Lifescapes Gallery

12 / Jan / 2011
A Lion in Fly’s Clothing
Antlion, Coorg
Ganesh H. Shankar

A Lion in Fly’s Clothing

Did this miniature model of entomological royalty get its name because it’s the king of animals in its weight group? Or does the Antlion’s name owe more to its voracious predation of ants? The jury has been out for a while now, and while the debate doesn’t seem to suggest an early resolution, the rule of the Antlions in the sandpits of Coorg, makes for fascinating reading. The specimen seen above is a fully matured adult, and is differentiated from dragonflies and damselflies by its clubbed antennae that are as long as the head and thorax combined. The reputation of the Antlion, however, is mostly built at the larval stage itself. And it was this reputation that inspired the creation of the fearsome Sarlacc, the sand digging monster of Star Wars. The Antlion larva, true to all the hype, is a ferocious warrior who digs himself a corkscrew pit in the sand and awaits those foolish enough to visit the edge. Unwary visitors are mostly ants who come to the edge and slither down the unstable surface, aided in their descent by the larva firing loose rubble artillery at them. Once the poor ant is trapped, the larva uses the hollow projections in its monstrous jaws to suck out all the body fluid and then flicks the dry carcass out of the pit. The Antlion larva, however, doesn’t sit in its sandy throne forever. Post metamorphosis, it emerges from the cocoon as a fully matured insect, grows wings and flies off to find a mate so that the whole cycle of creation can be repeated again. And a new pride of Antlions can lord it over the sand pits of Coorg.

We at Orange County have loved sharing this story with you, and shall bring you one every fortnight, as part of our Responsible Tourism Initiatives to raise awareness about the nature and culture of the environments we operate in.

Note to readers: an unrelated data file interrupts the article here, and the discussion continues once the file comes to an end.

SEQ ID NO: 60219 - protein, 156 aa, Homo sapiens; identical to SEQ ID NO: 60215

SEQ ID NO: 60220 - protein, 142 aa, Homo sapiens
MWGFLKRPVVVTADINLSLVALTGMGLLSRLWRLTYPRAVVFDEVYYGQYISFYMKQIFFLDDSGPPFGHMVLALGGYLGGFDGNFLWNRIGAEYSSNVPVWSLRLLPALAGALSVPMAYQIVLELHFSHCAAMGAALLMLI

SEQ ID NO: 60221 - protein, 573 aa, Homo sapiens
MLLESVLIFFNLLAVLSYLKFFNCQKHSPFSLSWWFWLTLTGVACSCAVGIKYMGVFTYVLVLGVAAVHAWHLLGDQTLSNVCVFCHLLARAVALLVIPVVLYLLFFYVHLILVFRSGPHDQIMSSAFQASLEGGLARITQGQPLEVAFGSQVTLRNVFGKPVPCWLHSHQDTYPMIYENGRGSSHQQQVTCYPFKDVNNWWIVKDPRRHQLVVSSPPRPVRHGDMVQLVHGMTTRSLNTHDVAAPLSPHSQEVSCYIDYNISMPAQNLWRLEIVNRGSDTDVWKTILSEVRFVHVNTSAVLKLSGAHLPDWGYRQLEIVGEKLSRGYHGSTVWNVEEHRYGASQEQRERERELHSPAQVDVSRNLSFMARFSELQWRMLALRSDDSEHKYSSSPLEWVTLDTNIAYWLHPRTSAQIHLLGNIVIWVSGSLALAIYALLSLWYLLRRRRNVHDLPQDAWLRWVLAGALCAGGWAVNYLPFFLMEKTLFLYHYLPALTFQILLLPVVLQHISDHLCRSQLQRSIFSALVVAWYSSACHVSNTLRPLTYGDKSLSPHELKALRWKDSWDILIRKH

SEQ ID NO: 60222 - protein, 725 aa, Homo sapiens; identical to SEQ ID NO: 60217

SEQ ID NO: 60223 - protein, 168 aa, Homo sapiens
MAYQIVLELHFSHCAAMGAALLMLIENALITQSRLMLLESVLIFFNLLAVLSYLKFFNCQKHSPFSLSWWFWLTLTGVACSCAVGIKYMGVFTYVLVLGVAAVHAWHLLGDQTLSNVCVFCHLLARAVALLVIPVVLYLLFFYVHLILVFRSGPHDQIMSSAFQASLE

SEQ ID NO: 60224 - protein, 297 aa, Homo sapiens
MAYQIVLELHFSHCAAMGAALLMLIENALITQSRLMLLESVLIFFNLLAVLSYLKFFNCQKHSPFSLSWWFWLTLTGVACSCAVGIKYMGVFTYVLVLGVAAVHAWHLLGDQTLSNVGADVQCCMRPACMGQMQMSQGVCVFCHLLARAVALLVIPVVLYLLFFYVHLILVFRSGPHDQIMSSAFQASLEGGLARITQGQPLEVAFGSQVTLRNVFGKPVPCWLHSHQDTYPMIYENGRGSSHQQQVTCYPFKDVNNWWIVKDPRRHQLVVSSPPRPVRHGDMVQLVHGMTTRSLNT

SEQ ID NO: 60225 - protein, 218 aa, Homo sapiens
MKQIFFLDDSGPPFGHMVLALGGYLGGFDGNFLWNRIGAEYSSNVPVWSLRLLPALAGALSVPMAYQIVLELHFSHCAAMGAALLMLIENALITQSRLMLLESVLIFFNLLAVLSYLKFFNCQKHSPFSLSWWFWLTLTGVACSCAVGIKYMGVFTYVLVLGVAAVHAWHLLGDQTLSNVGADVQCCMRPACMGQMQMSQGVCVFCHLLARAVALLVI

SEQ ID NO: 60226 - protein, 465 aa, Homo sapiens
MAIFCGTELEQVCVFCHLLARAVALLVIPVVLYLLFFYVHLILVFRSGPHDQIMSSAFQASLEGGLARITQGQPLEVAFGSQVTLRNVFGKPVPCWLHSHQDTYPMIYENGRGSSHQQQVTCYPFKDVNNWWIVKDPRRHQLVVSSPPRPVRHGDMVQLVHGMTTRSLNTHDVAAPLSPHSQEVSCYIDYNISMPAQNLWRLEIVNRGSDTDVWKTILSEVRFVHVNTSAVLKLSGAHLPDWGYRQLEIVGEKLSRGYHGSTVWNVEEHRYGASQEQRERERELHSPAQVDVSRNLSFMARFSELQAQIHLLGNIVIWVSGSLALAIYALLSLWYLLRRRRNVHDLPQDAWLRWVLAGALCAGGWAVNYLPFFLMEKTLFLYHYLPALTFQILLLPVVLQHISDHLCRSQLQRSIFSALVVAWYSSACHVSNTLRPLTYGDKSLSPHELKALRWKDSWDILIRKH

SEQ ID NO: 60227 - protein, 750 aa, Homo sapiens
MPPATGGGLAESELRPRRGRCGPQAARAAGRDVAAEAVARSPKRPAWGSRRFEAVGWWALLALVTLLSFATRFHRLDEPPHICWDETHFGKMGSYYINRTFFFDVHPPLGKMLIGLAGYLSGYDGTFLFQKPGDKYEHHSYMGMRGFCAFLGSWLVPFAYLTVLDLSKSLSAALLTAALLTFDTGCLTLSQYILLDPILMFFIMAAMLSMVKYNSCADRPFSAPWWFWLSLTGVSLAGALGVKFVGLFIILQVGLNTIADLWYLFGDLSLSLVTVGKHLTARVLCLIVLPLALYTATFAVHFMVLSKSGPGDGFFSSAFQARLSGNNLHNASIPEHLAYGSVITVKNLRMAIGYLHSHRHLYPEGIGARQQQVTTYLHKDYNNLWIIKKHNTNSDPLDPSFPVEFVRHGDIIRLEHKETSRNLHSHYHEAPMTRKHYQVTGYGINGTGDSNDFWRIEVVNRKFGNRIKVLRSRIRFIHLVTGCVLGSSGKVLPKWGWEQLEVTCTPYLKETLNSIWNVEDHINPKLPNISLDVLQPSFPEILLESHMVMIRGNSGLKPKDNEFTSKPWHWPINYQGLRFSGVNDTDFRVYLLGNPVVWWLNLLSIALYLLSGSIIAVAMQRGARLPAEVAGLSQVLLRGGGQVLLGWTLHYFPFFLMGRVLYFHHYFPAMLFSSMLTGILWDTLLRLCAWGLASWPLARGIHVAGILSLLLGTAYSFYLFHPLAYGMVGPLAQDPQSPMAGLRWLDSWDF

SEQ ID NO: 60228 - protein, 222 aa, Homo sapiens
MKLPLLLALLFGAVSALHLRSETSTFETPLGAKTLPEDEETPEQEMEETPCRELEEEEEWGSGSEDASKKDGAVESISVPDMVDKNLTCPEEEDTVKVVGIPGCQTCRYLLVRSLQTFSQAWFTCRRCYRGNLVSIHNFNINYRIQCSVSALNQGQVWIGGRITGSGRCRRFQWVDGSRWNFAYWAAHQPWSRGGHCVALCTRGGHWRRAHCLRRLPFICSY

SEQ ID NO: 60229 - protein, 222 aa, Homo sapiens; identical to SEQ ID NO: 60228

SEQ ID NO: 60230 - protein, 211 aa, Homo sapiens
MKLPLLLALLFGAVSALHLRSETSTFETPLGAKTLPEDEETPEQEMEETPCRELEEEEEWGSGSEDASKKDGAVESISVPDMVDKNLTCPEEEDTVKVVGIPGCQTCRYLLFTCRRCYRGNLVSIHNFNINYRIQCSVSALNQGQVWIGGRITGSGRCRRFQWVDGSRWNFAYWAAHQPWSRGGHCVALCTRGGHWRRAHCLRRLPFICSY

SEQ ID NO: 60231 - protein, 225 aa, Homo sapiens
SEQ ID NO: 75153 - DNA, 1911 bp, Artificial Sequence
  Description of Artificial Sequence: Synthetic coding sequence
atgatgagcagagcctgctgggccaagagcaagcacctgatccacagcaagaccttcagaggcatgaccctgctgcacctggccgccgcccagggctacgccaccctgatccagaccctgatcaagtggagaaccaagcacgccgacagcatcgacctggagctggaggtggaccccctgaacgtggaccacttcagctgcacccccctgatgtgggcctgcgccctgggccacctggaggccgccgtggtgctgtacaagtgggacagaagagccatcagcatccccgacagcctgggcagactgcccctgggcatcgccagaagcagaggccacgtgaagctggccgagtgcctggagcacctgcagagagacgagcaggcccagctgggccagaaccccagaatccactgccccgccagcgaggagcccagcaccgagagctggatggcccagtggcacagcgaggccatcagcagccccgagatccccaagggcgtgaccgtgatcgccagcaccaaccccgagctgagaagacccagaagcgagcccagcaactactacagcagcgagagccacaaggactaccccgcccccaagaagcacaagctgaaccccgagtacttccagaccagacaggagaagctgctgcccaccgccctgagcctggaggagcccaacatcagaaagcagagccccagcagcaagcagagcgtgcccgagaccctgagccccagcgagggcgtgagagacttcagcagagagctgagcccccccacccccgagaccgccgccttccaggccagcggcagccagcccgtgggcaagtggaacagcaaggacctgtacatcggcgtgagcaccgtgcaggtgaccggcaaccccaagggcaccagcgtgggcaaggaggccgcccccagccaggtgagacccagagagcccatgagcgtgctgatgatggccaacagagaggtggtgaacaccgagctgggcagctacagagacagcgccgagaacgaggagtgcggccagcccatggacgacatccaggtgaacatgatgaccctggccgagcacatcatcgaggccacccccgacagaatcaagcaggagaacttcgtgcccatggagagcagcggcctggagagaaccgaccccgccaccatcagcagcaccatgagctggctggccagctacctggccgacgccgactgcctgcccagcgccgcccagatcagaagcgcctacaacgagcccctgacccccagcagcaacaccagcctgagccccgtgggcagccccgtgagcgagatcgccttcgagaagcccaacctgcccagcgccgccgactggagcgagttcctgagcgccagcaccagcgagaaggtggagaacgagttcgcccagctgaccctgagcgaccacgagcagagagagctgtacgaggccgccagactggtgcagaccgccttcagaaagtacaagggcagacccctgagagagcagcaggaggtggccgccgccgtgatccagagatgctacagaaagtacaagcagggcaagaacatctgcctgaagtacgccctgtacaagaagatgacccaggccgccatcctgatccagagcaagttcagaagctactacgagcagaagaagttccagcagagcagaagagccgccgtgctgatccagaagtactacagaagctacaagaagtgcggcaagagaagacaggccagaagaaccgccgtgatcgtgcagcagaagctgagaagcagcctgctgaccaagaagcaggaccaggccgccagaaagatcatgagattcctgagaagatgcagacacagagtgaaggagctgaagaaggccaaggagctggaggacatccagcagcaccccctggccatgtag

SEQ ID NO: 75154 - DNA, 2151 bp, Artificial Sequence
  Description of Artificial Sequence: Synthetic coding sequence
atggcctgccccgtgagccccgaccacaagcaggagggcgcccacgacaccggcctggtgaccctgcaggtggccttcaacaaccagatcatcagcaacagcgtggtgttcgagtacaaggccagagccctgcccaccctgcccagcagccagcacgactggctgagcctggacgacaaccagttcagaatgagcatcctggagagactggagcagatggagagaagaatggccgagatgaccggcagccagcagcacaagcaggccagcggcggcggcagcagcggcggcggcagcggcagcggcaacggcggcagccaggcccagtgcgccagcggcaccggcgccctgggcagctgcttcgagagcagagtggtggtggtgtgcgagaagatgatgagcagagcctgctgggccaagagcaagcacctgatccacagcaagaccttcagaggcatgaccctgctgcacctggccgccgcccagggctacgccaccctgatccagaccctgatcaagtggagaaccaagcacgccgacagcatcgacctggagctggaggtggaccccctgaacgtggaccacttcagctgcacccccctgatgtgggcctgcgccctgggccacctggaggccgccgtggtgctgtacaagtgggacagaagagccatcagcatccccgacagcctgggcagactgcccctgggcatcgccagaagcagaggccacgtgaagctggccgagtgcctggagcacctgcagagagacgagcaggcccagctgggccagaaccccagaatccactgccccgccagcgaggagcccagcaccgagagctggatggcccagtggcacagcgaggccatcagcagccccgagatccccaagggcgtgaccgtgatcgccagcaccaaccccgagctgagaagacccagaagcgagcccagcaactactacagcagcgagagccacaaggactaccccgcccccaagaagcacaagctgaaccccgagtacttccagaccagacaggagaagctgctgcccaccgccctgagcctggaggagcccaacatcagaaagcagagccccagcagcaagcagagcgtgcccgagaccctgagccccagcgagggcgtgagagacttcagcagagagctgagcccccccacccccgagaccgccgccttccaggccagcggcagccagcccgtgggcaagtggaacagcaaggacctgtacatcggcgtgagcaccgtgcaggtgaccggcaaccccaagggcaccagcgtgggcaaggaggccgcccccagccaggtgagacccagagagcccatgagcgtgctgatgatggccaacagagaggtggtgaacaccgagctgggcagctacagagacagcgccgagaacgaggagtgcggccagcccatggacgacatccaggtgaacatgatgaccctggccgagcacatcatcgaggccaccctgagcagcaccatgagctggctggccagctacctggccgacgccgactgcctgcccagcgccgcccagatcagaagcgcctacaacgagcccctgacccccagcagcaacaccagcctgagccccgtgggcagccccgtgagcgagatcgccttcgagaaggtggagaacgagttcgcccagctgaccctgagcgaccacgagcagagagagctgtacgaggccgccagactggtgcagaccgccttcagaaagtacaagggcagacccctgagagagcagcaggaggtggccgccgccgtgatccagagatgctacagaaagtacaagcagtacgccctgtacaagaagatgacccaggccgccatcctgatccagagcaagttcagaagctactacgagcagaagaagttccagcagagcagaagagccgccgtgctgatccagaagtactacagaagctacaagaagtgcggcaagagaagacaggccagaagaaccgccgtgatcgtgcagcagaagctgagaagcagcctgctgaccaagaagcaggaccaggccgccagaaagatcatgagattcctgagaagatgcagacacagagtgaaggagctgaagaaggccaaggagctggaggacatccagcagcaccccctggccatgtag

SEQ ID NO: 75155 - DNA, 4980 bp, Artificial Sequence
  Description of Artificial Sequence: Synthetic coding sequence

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This entry was posted on Wednesday, January 12th, 2011 at 10:01 am and is filed under Insects . You can follow any responses to this entry through the RSS 2.0 feed. You can leave a response, or trackback from your own site.

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User Comments
  1. Leigh Yballe says:

    I consider something really special in this site.

  2. Ganesh H. Shankar says:

    Dear Ashok,

    You can see some of my work at
    Browsing is much easier than sharing images via an E-mail.

    – Best Regards,
    Ganesh H. Shankar

  3. Ajit K Huilgol says:

    Dear Ganesh,
    Your images continue to inspire!

  4. Jesan says:

    Excellent narration with a brilliant specimen presented…

  5. Diwakaran Nair says:

    Ahhh…what an outstanding image of the king of flies…lovely commentary as usual…the picture is so aesthetically perfect…thanx again tea orange county

  6. Ashok Ponnappa says:

    Ahhhh….one more of those gems!! Can never tire of these.
    Guys (Ganesh Shankar &Co), can u please email me ur whole collection?? Thanx.

  7. Kannan .K.V. says:

    What A Picture!!! I am running out of superlatives to describe your camera work,hence, keeping it simple. A lot of information in the article. Wish this could be disseminated to us when we are in Orange County, which we are every year anyway. Thanks, Kannan.

  8. Lalitha Kandaswamy N says:

    Dear Lifescapes/Orange County/Coorg,
    Thank you for the wonderful photo of the Antlion (congrats Ganesh!) and the very interesting write up. I do remember very vividly and fondly my stay with my family at Orange County. By pointing at these small and fantastic creatures you are widening our nature horizons. Looking forward to the next mail.

  9. putta says:

    Beautiful narration.
    I eagerly wait for this newsletter every fortnight, would love to get every week.

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